We are not planners, people. 

Ducky is a large scale, urban art installation by Florentijn Hofman, brought to Norfolk for the reopening of the Chrysler museum.  He was in Pittsburgh last year and I didn't get to see him then. Apparently, he is quite the world traveler and who knows, may be in Malaysia next. So, clearly, this required an impromptu three hour drive at the drop of a hat.  

We did some other stuff too.  Like we ate breakfast at a restaurant where a man at a table next to us appeared to practice some form of transcendental meditation while he stood a fork on its tines.

Then we saw him waiting for a taxi a several hours later and he appeared to recognize us and that was just downright creepy.

We went to a farmer's market where they sold Gummi Chicken Feet.

I have no response to that.

We took a water taxi/fake steamboat ride, went to a children's museum, I won the Game of Awesome and I think we saw part of a Memorial Day Parade.  But really, we made a six hour trip, coming back over the Chesapeake Bay Bridge Tunnel during the worst of the Memorial Day Return to Home Traffic, to kiss a duck.

Totally worth it.

My thoughts: 

In Defense of Nick Burns

Posted on 5/22/2014 05:16:00 PM
I realize that computer techies get a lot of guff from the rest of us.  I'm as big an offender as you are.  And truth be told, some of them deserve it, because there are a lot of Nick Burns guys out there in the world.  A part of my job involves being my company's network administrator, and I try not to be Nick-like, I really do. But sometimes... well...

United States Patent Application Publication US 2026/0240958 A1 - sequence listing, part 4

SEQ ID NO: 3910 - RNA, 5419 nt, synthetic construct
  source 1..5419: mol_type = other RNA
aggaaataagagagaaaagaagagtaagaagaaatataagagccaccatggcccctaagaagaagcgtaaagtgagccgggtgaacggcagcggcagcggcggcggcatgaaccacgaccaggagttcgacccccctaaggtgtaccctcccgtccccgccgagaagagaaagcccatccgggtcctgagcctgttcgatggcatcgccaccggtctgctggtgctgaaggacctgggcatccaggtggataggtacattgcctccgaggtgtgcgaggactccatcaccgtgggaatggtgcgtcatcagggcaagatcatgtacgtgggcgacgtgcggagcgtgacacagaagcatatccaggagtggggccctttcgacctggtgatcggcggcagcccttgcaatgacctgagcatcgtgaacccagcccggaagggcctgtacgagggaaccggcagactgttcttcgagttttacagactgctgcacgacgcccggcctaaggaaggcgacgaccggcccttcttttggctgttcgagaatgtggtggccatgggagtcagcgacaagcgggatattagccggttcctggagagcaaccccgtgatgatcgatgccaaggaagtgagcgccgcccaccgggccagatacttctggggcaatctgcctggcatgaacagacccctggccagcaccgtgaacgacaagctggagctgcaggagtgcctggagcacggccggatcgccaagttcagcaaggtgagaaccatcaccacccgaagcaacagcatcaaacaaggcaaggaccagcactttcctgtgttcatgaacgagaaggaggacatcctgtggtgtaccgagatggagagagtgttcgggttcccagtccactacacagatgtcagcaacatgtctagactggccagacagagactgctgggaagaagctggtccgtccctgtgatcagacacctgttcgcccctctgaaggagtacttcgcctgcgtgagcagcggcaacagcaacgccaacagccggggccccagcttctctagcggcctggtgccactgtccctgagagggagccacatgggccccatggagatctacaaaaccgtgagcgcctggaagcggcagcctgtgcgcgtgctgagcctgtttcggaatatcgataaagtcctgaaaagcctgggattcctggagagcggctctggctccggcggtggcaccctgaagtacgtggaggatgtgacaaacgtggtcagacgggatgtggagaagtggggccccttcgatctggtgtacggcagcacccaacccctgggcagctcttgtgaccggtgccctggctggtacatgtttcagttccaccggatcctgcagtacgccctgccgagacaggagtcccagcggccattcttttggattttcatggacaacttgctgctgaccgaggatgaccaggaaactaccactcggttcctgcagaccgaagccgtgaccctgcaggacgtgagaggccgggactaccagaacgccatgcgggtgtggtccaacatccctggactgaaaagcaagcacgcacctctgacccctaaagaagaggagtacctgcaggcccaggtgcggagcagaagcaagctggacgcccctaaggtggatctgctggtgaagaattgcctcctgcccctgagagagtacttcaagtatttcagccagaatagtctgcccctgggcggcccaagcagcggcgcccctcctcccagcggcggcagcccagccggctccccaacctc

...like when a co-worker claimed that the computer had "eaten" her floppy disk and "wouldn't give it back."  Then twenty minutes later we found the disk shoved in between the CPU and the monitor that was sitting on top of the CPU, rather than in the floppy disk drive.

*Heavy sigh* 

A bunch of us use a portable notebook computers so we can travel with it, but when in the office, we connect it to a docking station so we can work on a large desktop monitor and real keyboard. When we come in the office we pick up the cord that runs from the docking station and plug it into a USB port on the computer.  All the peripherals are then connected to the laptop with one plug.  It looks a little something like this:

See, when you come back into the office with your notebook, you just take the cord from the docking station and plug it in the computer.  Then the external monitors, mice, and keyboards all kick on and take over control of the notebook and everything is copacetic and wonderful.  We've had these in use for over two years.